The most obvious candidates are Philadelphia Flyers center Sean Couturier and Los Angeles Kings captain Anze Kopitar, as they finished second and third, respectively, in the PHWA’s mid-season voting. And based on a number of statistical measures used for this piece to determine a list of deserving Selke contenders — points, possession, chance, shot and goal against rates, on-ice team save percentage, zone starts, shorthanded play, takeaways, blocks and faceoffs among them — both Couturier and Kopitar should be near locks to finish among the top of the voting.
What helps make the Couturier’s case more than anything, despite him having the best year of his career, isn’t his offensive effectiveness, but his ability to drive play. He has maintained Corsi for, shots for, scoring chances for and goals for percentages well above 50 percent — his 62.4 goals for percentage is among the league’s most impressive — in large part because he has been extremely limiting when it comes to attempts against. Couturier also takes a hefty percentage of defensive-zone starts and his play on the penalty kill has been exemplary.
Potentially effecting Couturier’s status as the next-in-line if Bergeron misses out, however, is Kopitar’s overall play. Both offensively and defensively sound, the Kings pivot has been so good this season, and so much better than the rest of Los Angeles’ forward group, that he’s drawing Hart Trophy consideration, too. He measured up well in every metric for the Selke, as well, and was relatively strong in the penalty killing facets. That’s not to mention two potential x-factors in Kopitar’s candidacy. First, will voters consider Kopitar’s overall value and put him ahead of Couturier? And second, does Kopitar’s past Selke win and history of two-way play influence the voting?
There are more than a handful of fringe contenders, too. Panthers center Aleksander Barkov has been excellent in the second half. Likewise, Mikko Koivu, who finished third in voting last season, has been tremendous again for the Minnesota Wild, and the Calgary Flames’ Mikael Backlund should be drawing some attention as he continues to excel at both ends of the ice after a fourth-place finish in 2016-17’s Selke voting. But there is one additional surprise candidate who should be getting far more love: Vegas Golden Knights pivot William Karlsson.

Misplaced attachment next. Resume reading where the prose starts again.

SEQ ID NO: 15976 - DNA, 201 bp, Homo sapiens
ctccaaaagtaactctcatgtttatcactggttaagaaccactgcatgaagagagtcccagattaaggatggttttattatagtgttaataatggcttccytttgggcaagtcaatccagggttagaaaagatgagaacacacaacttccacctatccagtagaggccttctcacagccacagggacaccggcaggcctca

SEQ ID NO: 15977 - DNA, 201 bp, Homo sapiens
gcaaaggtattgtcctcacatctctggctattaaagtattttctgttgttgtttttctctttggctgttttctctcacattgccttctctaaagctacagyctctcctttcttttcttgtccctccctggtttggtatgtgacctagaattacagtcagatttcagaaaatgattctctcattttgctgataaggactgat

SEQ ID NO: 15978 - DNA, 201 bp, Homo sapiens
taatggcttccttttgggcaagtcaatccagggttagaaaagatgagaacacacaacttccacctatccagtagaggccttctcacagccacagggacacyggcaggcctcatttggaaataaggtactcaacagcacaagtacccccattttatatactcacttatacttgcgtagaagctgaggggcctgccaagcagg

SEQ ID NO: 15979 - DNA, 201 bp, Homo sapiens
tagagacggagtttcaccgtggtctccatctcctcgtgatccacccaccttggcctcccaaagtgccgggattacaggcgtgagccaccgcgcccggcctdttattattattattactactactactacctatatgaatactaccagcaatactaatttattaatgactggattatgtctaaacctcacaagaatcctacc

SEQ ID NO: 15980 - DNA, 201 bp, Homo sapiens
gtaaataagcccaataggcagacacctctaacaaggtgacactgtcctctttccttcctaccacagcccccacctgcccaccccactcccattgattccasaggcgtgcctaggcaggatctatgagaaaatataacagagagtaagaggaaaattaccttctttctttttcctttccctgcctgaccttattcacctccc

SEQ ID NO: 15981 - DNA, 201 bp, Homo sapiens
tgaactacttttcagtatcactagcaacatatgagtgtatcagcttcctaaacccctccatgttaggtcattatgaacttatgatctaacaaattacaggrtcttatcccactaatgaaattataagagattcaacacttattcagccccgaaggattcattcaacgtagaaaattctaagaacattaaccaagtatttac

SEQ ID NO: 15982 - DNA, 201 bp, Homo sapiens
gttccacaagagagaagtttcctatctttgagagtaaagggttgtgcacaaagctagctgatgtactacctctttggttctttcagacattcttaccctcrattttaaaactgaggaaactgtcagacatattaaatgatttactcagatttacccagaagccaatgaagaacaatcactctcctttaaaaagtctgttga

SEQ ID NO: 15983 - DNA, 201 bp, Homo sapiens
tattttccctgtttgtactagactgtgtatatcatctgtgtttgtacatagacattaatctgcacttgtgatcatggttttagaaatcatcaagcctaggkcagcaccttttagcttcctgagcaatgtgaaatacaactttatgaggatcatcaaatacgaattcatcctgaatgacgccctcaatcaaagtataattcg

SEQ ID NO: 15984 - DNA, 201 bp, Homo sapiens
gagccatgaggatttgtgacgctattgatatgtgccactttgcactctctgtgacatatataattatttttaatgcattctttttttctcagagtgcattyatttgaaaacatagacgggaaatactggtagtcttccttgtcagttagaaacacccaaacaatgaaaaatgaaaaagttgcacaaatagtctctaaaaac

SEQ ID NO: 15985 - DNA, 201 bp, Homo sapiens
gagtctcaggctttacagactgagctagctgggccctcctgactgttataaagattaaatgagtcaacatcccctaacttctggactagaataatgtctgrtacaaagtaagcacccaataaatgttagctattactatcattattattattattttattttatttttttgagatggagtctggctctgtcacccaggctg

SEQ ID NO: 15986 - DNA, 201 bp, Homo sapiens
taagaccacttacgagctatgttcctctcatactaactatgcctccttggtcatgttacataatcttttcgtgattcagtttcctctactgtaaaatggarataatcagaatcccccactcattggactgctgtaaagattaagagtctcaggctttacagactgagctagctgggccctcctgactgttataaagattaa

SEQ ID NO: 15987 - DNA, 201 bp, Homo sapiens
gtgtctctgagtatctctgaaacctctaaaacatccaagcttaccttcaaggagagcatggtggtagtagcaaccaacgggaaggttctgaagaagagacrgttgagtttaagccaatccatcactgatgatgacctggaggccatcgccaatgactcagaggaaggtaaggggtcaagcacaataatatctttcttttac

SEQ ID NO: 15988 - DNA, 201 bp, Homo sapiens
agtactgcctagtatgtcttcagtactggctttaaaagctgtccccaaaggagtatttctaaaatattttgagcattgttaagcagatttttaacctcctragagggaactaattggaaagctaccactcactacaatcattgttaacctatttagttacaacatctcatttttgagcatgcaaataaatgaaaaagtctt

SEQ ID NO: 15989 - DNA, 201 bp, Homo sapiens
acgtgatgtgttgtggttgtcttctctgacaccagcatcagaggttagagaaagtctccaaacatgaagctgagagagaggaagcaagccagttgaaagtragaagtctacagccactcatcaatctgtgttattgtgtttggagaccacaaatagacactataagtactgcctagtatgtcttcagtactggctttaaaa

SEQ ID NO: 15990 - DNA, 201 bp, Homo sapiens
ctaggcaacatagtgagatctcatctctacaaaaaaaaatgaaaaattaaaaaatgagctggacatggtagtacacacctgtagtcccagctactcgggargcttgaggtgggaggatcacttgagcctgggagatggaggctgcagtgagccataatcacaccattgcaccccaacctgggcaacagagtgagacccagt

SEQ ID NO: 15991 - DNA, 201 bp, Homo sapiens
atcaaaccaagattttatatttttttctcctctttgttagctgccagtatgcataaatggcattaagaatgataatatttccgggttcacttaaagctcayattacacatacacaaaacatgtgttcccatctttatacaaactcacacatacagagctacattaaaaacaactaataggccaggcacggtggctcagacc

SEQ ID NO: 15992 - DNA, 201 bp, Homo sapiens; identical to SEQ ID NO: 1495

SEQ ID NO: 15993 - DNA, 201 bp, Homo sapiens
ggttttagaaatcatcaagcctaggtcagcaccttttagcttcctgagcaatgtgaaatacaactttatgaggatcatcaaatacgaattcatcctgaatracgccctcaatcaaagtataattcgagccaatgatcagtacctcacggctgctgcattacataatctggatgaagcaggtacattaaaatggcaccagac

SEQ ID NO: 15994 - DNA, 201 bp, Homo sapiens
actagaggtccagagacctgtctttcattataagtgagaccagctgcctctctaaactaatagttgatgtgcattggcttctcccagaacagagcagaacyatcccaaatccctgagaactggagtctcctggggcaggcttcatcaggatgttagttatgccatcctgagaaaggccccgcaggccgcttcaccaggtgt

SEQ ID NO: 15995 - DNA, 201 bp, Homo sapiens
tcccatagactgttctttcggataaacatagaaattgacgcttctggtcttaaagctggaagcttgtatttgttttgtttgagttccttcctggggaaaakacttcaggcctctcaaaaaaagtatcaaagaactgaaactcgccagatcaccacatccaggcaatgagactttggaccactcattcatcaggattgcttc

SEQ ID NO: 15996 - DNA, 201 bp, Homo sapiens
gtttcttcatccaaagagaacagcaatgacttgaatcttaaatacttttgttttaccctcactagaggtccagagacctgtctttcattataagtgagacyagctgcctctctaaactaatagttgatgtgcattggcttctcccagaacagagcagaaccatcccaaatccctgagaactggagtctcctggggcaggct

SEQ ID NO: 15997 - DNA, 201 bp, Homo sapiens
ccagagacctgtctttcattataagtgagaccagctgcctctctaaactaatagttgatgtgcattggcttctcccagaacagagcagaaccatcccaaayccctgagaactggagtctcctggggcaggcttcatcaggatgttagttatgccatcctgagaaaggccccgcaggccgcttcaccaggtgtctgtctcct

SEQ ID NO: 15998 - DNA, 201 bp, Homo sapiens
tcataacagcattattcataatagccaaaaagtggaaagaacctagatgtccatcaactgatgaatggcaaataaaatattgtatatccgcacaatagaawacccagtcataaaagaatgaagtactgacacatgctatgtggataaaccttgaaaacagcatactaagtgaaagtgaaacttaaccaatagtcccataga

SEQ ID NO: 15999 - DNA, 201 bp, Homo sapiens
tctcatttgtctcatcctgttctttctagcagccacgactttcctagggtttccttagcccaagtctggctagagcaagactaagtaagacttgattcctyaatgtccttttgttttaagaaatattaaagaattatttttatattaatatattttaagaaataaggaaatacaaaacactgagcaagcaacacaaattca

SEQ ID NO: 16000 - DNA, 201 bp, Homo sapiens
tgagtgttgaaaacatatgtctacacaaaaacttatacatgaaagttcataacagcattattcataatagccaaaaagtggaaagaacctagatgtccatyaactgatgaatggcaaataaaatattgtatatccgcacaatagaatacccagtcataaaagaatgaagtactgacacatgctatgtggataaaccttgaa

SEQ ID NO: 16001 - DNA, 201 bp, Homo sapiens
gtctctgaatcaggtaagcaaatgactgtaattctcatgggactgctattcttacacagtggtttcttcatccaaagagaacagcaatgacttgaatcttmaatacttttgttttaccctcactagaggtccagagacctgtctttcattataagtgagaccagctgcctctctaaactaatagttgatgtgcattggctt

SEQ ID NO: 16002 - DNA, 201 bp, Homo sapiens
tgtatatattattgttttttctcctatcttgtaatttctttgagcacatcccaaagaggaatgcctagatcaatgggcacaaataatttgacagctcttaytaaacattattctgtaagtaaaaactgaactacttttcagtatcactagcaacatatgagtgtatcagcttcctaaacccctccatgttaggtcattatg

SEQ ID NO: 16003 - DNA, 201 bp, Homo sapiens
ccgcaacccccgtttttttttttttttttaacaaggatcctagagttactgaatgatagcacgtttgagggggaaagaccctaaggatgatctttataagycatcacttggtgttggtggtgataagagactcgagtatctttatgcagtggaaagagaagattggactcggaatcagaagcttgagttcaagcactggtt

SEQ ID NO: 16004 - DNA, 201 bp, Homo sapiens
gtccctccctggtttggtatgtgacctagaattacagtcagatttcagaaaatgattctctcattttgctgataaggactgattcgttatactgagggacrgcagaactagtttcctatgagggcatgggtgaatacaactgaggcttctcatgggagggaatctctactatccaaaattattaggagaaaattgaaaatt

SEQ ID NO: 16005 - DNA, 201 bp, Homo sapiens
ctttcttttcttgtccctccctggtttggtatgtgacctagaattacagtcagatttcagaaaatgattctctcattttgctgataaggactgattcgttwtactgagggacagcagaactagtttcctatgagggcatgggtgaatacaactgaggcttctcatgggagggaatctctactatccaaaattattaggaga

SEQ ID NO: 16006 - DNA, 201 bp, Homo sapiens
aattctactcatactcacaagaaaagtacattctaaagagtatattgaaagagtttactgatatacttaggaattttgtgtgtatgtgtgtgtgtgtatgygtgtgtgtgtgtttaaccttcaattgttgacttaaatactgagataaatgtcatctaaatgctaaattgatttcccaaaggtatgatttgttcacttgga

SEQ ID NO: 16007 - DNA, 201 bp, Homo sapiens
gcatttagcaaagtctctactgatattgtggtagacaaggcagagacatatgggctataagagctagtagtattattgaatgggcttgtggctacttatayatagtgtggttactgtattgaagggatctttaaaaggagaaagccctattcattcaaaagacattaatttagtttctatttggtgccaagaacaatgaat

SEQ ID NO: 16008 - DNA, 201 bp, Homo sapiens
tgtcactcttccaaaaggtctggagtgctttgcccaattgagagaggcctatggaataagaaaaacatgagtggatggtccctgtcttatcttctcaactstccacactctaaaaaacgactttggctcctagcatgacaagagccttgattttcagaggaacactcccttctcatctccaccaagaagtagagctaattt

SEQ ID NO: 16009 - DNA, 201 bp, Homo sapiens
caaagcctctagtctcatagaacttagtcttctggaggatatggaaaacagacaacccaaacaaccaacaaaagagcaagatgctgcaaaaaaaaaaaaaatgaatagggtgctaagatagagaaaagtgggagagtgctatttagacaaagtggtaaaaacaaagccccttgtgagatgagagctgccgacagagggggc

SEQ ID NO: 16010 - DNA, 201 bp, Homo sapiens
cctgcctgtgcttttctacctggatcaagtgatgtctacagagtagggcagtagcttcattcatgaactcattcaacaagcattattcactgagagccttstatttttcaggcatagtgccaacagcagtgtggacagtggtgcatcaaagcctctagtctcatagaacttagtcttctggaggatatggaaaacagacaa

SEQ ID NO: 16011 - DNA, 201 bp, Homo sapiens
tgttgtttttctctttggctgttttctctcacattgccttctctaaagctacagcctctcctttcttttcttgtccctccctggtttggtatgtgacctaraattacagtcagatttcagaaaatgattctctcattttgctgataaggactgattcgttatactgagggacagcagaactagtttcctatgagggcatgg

Offensively, there’s no question that Karlsson has benefitted from the statistical aberration that is his exorbitant shooting percentage, but that has completely overshadowed his defensive contributions this season. While his 49-percent success rate on the dot is nothing to write home about, Karlsson has been more limiting in shot attempts against than Kopitar, shots on goal against than Kopitar and Bergeron, is one of few centers with a sub-2.00 goals against per 60 minutes rate and has played roughly two hours on the penalty kill with fairly substantial numbers. Among the 43 centers with 119 or more minutes shorthanded — he’s 17 seconds shy of the 120-minute mark — Karlsson ranks fourth in limiting shot attempts against (95.2), sixth in limiting shots against (51.1), 10th in scoring chances against (54.1) and 13th in goals against (6.01) per 60 minutes. He’s ahead of at least one of Kopitar or Couturier in each category. The capper for Karlsson is that he ranks fifth among all forwards with 72 takeaways at all strengths. Bergeron, Kopitar and Couturier have 48, 46 and 42, respectively.
All of this is to say that Bergeron’s competition, especially as he continues to watch from the press box, is becoming increasingly difficult to overlook. And if it so happens that his missed time changes the minds of some Selke voters, there are a number of players who can more than make their case.
(All advanced statistics via Natural Stat Trick.)